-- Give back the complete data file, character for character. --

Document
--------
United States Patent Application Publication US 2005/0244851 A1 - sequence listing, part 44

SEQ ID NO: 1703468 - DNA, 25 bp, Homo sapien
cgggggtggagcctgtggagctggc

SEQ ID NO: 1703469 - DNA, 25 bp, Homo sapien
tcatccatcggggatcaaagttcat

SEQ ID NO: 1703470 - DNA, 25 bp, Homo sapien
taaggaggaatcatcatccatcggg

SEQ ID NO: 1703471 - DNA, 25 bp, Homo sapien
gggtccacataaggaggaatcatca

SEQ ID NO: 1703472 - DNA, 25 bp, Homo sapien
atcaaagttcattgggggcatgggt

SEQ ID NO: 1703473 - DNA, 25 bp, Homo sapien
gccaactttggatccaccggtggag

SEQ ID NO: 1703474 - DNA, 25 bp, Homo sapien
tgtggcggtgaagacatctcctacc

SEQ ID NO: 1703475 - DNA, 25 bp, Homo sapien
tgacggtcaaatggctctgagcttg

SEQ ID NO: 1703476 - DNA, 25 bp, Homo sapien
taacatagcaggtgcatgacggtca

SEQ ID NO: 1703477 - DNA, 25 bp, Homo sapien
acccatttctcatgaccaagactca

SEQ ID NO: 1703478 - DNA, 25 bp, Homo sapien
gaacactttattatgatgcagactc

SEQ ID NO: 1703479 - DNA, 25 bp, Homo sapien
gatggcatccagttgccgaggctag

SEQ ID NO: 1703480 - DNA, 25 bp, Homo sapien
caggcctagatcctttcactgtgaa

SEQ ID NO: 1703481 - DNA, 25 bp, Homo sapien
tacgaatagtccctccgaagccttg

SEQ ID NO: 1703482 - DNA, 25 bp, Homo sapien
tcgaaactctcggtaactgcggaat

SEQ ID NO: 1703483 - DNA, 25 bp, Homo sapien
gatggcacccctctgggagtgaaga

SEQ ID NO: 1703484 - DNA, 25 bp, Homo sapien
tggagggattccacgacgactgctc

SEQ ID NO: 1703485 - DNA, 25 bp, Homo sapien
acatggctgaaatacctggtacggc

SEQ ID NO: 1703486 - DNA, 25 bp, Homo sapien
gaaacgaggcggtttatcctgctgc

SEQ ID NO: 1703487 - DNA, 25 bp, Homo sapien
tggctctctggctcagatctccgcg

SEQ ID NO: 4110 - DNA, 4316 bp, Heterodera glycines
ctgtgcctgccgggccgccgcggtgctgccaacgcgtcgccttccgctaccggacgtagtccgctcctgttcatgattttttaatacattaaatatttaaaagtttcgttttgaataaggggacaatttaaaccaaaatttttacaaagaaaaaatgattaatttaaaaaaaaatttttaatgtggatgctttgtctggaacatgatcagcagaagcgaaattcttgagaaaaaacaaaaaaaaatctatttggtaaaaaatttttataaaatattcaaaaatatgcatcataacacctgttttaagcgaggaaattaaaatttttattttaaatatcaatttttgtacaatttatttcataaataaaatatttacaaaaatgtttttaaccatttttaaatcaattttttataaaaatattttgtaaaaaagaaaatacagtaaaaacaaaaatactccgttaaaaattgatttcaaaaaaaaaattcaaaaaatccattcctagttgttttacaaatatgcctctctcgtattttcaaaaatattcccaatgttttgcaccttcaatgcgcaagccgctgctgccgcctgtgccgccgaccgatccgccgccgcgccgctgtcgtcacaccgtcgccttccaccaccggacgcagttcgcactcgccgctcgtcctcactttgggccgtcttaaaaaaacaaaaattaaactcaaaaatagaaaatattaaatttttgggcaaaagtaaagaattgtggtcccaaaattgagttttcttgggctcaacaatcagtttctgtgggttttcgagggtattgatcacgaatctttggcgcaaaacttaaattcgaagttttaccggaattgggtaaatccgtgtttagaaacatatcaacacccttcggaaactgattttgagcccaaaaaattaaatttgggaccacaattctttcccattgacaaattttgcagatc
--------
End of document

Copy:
United States Patent Application Publication US 2005/0244851 A1 - sequence listing, part 44

SEQ ID NO: 1703468 - DNA, 25 bp, Homo sapien
cgggggtggagcctgtggagctggc

SEQ ID NO: 1703469 - DNA, 25 bp, Homo sapien
tcatccatcggggatcaaagttcat

SEQ ID NO: 1703470 - DNA, 25 bp, Homo sapien
taaggaggaatcatcatccatcggg

SEQ ID NO: 1703471 - DNA, 25 bp, Homo sapien
gggtccacataaggaggaatcatca

SEQ ID NO: 1703472 - DNA, 25 bp, Homo sapien
atcaaagttcattgggggcatgggt

SEQ ID NO: 1703473 - DNA, 25 bp, Homo sapien
gccaactttggatccaccggtggag

SEQ ID NO: 1703474 - DNA, 25 bp, Homo sapien
tgtggcggtgaagacatctcctacc

SEQ ID NO: 1703475 - DNA, 25 bp, Homo sapien
tgacggtcaaatggctctgagcttg

SEQ ID NO: 1703476 - DNA, 25 bp, Homo sapien
taacatagcaggtgcatgacggtca

SEQ ID NO: 1703477 - DNA, 25 bp, Homo sapien
acccatttctcatgaccaagactca

SEQ ID NO: 1703478 - DNA, 25 bp, Homo sapien
gaacactttattatgatgcagactc

SEQ ID NO: 1703479 - DNA, 25 bp, Homo sapien
gatggcatccagttgccgaggctag

SEQ ID NO: 1703480 - DNA, 25 bp, Homo sapien
caggcctagatcctttcactgtgaa

SEQ ID NO: 1703481 - DNA, 25 bp, Homo sapien
tacgaatagtccctccgaagccttg

SEQ ID NO: 1703482 - DNA, 25 bp, Homo sapien
tcgaaactctcggtaactgcggaat

SEQ ID NO: 1703483 - DNA, 25 bp, Homo sapien
gatggcacccctctgggagtgaaga

SEQ ID NO: 1703484 - DNA, 25 bp, Homo sapien
tggagggattccacgacgactgctc

SEQ ID NO: 1703485 - DNA, 25 bp, Homo sapien
acatggctgaaatacctggtacggc

SEQ ID NO: 1703486 - DNA, 25 bp, Homo sapien
gaaacgaggcggtttatcctgctgc

SEQ ID NO: 1703487 - DNA, 25 bp, Homo sapien
tggctctctggctcagatctccgcg

SEQ ID NO: 4110 - DNA, 4316 bp, Heterodera glycines
ctgtgcctgccgggccgccgcggtgctgccaacgcgtcgccttccgctaccggacgtagtccgctcctgttcatgattttttaatacattaaatatttaaaagtttcgttttgaataaggggacaatttaaaccaaaatttttacaaagaaaaaatgattaatttaaaaaaaaatttttaatgtggatgctttgtctggaacatgatcagcagaagcgaaattcttgagaaaaaacaaaaaaaaatctatttggtaaaaaatttttataaaatattcaaaaatatgcatcataacacctgttttaagcgaggaaattaaaatttttattttaaatatcaatttttgtacaatttatttcataaataaaatatttacaaaaatgtttttaaccatttttaaatcaattttttataaaaatattttgtaaaaaagaaaatacagtaaaaacaaaaatactccgttaaaaattgatttcaaaaaaaaaattcaaaaaatccattcctagttgttttacaaatatgcctctctcgtattttcaaaaatattcccaatgttttgcaccttcaatgcgcaagccgctgctgccgcctgtgccgccgaccgatccgccgccgcgccgctgtcgtcacaccgtcgccttccaccaccggacgcagttcgcactcgccgctcgtcctcactttgggccgtcttaaaaaaacaaaaattaaactcaaaaatagaaaatattaaatttttgggcaaaagtaaagaattgtggtcccaaaattgagttttcttgggctcaacaatcagtttctgtgggttttcgagggtattgatcacgaatctttggcgcaaaacttaaattcgaagttttaccggaattgggtaaatccgtgtttagaaacatatcaacacccttcggaaactgattttgagcccaaaaaattaaatttgggaccacaattctttcccattgacaaattttgcagatc